The development of artificial intelligence isn’t only a topic currently growing within the public interest, but one that is also gaining massive screen time in the entertainment industry.
Artificial intelligence, or AI for short, is defined as a “brand of computer science dealing with the simulation of intelligent behaviour in computers.” In other words, it is a substantial attempt in upgrading the human species by replacing our thoughts and actions with machines who can not only do the same thing — but has the potential to do it better.
“Often, films dealing with the technology involve robots rising up to destroy humanity. It’s all in good fun. Except for the possibility that, well, maybe it could happen?” writes an unidentified author for CNET. “After all, the goal of AI, really, is to foster machines that think like humans, and heaven knows we’re capable of some very nasty thoughts.”
The story of AI machines in battle with the lingering presence of humanity is a common theme in popular culture. As for recent examples, these ideas are present in films such as Ex Machina, the second Avengers adaptation and the CW’s The 100.
These genres of entertainment not only explores the potential of artificial intelligence in the modern world, but also examine the benefits, the consequences, and the overall effects of a society powered by operating machines.
A robot from The Terminator franchise (Image Source: Atlanta Black Star)
Admittedly, artificial intelligence is a concept that we as a society shouldn’t be expected to worry about. We are expected to trust scientists: they have introduced us to the creative and imaginative technology we constantly use, though there’s something about the possibility of AI machines that makes us (alongside various other scientists) difficult to accept, a concept that is examined in Hollywood media.
In film and television, artificial intelligence is portrayed as a device that should not be trusted. It’s most commonly exhibited as a rising system that will take over the world like in I, Robot or a concept that can destroy the balance between technology and reality like in The Matrix.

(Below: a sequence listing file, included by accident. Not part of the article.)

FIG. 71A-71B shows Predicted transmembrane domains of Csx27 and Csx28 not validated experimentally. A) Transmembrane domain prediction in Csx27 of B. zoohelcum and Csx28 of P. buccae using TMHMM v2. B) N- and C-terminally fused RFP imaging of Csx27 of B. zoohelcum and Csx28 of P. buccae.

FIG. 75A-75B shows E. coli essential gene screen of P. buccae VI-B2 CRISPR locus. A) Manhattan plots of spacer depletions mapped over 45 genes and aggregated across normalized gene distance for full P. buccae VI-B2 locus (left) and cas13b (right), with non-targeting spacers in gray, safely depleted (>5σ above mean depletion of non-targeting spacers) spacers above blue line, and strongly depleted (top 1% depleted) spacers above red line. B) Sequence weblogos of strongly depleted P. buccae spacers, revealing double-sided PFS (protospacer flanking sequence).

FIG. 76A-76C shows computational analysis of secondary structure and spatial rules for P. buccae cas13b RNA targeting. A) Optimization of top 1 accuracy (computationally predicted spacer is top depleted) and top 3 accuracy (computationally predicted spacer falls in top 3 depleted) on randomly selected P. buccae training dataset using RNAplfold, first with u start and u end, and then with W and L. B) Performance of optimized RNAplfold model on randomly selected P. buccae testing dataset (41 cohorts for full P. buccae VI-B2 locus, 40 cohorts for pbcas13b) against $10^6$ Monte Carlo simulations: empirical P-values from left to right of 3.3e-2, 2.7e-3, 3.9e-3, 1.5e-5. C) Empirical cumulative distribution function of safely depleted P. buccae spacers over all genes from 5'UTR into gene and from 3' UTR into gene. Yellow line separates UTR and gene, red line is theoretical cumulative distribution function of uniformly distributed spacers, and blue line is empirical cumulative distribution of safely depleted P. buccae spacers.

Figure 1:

Should this scare us? Films and TV are, for the most part, made up. They dive into inaccurate scenarios and pull us into their characters and settings through visual effects. With the continuing development of artificial intelligence, are films and shows portraying an authentic future of AI in the modern world?
This idea, of course, influences films that examine the trust between AI machines and humans. In Ex Machina, a programmer builds a relationship with a robot named Ava. Although she is a product of AI, he still treats her like a human, like someone who is a stranger and requires small talk in order to become comfortable with.
Which is why it is almost rational when Ava turns against her creators near the end of the film. If a human was trapped for experiments, wouldn’t they act the same way? Is the future of AI, as depicted in certain films, just a glorified version of human beings? With thoughts and emotions that are unstable like our own?
A screenshot of Ex Machina from 2015 (Image Source: Geek and Sundry)
This concept, of course, is an unnerving one to accept, for humans can not be controlled. As exhibited in Ex Machina — and countless other AI films that present a similar theme — there may be exterior forces that try to guide us towards certain behaviours and decisions, but ultimately it is within our own power on how we act and think. This is what is the most terrifying about our kind, and why the idea of AI is hard to swallow.
“AI experts, though, say most of these films don’t offer a realistic portrayal of how we’ll actually get along with the technology,” continues the CNET author. “But filmmakers have seized on the uncertainty and let their imaginations run wild.”
Though, in terms of the future of AI and human kind, we have yet to know how that will develop. Sure, there are films that like to think they have an idea, and there will continue to be films that think the future of AI is no future at all. But until then that future is yet to come, at least for now.